Bluefield Daily Telegraph
Are area veterans being ignored by their elected representatives in Washington? One could certainly make a convincing argument that they are, particularly in light of recent developments.
The tipping point may have came last week when it was announced that a $10 million expansion of the Beckley VA Medical Center in Raleigh County was underway. Many area veterans and officials were surprised by the announcement, and wondered what impact it would have on the long-proposed outpatient clinic for Mercer County. And that’s a good question.
Don’t get us wrong. The expansion of the Beckley VA center is good news. And it is a victory for veterans across southern West Virginia.
But the questions begs to be asked: If $10 million can be allocated to a large-scale expansion of the VA Center in Beckley, why can’t a much smaller project be green-lighted for Mercer County? Finding a location for a Mercer County facility won’t be a problem. Princeton Community Hospital is still offering space on its medical campus for a veterans clinic.
Pressed on the issue during a visit to Mercer County Tuesday, U.S. Sen. Joe Manchin, D-W.Va., said he hopes to hear something from the VA in about 90 days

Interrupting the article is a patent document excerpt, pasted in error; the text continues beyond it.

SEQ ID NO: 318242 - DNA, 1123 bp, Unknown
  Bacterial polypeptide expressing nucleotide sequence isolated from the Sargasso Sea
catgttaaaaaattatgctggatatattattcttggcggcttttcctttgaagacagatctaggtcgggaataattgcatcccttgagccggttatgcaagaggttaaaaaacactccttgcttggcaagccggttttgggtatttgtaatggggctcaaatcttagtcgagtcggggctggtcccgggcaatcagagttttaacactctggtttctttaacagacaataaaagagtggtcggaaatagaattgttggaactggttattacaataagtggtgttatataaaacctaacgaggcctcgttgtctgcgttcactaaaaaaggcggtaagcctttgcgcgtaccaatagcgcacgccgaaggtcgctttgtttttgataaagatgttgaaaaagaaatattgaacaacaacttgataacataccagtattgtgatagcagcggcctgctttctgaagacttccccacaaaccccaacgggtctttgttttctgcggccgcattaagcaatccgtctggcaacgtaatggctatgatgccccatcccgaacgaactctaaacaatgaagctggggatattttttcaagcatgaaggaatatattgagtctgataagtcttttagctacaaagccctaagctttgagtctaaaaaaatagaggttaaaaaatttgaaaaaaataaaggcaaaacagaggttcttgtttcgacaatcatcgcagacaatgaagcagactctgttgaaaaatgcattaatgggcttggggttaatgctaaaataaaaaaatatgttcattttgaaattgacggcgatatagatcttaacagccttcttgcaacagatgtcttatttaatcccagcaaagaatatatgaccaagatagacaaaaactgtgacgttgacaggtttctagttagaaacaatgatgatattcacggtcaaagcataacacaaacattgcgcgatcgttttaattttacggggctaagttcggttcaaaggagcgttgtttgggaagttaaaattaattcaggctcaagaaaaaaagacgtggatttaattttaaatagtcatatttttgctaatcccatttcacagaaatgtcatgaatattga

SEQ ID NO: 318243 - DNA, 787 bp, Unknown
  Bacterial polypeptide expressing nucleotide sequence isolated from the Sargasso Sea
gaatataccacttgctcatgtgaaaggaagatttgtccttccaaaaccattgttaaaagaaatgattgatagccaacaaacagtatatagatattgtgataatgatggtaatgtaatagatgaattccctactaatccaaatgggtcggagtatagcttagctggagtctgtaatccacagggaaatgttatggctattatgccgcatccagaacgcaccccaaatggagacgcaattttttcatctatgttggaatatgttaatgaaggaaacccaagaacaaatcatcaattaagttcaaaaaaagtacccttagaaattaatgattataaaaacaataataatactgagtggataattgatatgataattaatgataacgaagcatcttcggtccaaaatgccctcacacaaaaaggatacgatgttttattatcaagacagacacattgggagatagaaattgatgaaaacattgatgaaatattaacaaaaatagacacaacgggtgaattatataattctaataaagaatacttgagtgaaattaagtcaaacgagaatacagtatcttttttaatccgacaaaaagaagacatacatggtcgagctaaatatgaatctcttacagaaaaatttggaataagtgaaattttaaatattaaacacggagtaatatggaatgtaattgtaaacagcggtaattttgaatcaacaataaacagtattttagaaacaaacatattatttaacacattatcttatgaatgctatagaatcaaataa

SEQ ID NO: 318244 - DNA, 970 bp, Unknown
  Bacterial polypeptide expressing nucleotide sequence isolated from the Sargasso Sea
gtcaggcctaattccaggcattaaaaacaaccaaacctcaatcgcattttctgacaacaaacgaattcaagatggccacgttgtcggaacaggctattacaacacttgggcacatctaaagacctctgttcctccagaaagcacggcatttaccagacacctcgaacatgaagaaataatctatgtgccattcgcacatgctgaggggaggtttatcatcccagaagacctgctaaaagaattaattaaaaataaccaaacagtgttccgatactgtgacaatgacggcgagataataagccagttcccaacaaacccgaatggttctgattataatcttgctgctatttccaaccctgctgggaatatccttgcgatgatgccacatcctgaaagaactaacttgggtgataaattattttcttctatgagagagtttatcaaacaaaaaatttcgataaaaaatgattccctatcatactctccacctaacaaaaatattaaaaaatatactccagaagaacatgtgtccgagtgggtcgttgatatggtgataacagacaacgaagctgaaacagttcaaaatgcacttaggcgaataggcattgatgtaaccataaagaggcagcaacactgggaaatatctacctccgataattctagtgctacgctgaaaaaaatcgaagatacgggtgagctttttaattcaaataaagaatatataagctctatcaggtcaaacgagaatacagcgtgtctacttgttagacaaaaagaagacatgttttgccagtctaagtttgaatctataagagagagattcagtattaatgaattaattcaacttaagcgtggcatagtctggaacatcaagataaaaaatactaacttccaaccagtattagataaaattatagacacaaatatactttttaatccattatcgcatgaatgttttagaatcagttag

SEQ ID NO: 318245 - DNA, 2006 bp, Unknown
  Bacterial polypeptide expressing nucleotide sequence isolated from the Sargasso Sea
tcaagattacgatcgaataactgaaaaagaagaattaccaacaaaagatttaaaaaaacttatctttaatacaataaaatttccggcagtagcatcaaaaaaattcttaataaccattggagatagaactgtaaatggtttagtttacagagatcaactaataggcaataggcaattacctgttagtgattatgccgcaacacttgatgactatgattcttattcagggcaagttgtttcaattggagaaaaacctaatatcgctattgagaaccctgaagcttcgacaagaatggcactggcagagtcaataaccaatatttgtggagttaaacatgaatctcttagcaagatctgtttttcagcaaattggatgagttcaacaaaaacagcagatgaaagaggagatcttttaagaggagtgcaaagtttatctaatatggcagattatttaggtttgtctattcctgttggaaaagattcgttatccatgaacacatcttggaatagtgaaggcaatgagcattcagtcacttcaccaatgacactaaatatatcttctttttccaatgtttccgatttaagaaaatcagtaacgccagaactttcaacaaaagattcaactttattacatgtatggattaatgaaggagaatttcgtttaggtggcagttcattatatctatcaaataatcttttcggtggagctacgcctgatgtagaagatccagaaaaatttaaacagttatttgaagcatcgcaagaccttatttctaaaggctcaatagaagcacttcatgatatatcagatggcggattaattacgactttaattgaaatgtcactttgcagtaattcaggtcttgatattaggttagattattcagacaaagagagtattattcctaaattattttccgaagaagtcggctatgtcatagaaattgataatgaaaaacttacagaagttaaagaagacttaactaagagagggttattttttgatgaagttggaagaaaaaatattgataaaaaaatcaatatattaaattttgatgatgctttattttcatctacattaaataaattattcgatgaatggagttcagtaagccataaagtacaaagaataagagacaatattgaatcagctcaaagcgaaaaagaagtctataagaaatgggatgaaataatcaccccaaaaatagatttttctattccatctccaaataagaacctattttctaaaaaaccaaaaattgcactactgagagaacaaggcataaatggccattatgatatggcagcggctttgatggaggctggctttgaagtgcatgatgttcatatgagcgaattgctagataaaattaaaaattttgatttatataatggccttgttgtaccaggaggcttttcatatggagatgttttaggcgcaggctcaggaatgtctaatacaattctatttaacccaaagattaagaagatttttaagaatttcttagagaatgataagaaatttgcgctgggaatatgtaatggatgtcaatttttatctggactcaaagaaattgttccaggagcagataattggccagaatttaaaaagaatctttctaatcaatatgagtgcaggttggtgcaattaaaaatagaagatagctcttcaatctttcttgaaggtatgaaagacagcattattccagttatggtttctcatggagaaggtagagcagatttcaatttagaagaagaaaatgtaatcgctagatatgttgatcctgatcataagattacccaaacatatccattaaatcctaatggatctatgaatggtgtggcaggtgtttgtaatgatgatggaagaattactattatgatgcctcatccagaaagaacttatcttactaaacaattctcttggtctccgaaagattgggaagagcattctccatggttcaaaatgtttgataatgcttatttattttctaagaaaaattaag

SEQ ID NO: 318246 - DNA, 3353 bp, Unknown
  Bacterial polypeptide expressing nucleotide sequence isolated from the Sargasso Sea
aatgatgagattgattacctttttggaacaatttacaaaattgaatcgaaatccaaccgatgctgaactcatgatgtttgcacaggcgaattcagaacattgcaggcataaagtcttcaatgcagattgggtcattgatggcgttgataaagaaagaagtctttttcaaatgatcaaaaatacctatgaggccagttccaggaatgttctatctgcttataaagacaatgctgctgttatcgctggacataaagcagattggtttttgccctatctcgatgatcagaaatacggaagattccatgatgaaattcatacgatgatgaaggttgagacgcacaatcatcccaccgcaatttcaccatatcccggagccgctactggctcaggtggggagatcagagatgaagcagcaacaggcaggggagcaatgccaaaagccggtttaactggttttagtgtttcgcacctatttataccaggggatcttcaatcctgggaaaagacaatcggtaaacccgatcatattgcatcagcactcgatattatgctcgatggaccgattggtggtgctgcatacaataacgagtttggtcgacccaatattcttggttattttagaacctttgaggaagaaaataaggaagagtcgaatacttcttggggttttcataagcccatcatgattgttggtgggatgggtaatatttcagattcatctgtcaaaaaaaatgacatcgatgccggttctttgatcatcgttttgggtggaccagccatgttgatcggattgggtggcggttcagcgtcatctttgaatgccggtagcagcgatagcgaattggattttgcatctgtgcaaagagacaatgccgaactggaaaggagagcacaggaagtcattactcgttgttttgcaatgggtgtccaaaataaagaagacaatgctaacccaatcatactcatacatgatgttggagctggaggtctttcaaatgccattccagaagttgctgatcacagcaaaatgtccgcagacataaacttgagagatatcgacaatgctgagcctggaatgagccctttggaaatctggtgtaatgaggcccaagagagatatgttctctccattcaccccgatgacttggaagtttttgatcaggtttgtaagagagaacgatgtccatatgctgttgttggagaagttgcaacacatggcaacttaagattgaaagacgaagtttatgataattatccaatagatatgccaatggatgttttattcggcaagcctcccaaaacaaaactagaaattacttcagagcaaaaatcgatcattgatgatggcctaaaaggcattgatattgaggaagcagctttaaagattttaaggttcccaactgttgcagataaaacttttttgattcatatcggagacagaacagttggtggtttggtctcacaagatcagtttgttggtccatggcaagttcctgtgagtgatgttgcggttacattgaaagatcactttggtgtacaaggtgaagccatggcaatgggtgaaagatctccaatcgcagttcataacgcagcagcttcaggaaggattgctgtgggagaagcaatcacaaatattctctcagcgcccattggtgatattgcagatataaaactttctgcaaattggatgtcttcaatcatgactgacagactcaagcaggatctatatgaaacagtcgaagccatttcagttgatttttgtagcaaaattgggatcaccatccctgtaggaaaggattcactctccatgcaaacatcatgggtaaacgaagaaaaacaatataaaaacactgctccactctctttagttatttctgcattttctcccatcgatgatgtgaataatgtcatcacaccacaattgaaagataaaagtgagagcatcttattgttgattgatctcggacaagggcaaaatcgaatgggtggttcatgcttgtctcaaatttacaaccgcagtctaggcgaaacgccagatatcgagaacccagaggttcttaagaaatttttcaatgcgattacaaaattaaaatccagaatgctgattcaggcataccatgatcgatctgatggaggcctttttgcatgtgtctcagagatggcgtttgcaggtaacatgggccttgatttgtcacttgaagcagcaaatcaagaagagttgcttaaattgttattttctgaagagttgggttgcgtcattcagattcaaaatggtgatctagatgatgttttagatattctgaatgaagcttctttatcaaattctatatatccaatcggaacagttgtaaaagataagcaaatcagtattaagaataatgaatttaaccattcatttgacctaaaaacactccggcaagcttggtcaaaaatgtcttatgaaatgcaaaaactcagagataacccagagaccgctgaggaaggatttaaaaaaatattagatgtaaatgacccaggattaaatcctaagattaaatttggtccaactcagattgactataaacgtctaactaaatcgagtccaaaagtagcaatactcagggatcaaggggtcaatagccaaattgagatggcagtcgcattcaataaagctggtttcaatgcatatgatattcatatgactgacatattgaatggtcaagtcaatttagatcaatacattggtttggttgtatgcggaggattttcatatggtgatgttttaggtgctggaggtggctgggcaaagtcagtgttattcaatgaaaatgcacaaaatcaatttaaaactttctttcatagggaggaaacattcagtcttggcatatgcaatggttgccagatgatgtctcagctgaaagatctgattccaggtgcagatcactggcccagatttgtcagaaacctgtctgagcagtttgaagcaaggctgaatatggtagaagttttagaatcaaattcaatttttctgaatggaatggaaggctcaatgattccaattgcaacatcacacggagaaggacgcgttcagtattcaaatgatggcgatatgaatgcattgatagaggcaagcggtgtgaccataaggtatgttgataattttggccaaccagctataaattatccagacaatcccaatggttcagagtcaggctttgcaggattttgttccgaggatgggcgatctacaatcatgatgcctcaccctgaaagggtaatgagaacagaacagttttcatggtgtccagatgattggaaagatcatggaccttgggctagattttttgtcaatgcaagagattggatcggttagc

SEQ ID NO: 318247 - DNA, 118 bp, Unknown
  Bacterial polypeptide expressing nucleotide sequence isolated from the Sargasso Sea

“I would hope it would be positive,” Manchin said. “We are very hopeful, but we could be let down overnight.”
And U.S. Rep. Nick Rahall, D-W.Va., didn’t inspire a lot of additional confidence when questioned about the same issue last week.
“It (the Raleigh County expansion) was something already in the pipeline, and certainly in today’s sequestration, and furlough and prohibition on earmarks by the Republican-controlled House, additional investments of this nature is good news for all of our veterans in this area,” Rahall said. “Every dollar our region’s VA health care center invests in our veterans signals a recognition of the strength of our regional veteran population. So when we look at Mercer County specifically, I continue to press the VA to look at the situation in Mercer County, and assess the feasibility of a VA clinic, as well as partnerships with the community.”
OK. We have been pressing the VA for more than a decade. And PCH is more than willing to partner with the VA. So what will it take to get an answer? And blaming the continued uncertainty surrounding an outpatient clinic in Mercer County on the federal sequestration, and the Republican party, is not the answer we are looking for.
What we need is an answer from the VA, and an answer from our lawmakers in Washington. Either Mercer County is going to get an outpatient clinic, or it isn’t. Don’t continue to dance around this question. Don’t continue to leave our veterans — those proud men and women who fought so bravely for our nation — hanging. That’s disrespectful and shameful.
Our close-knit region is united behind our veterans, and their desire for an outpatient clinic that is close to home.
Our veterans deserve an answer. And they deserve an answer now.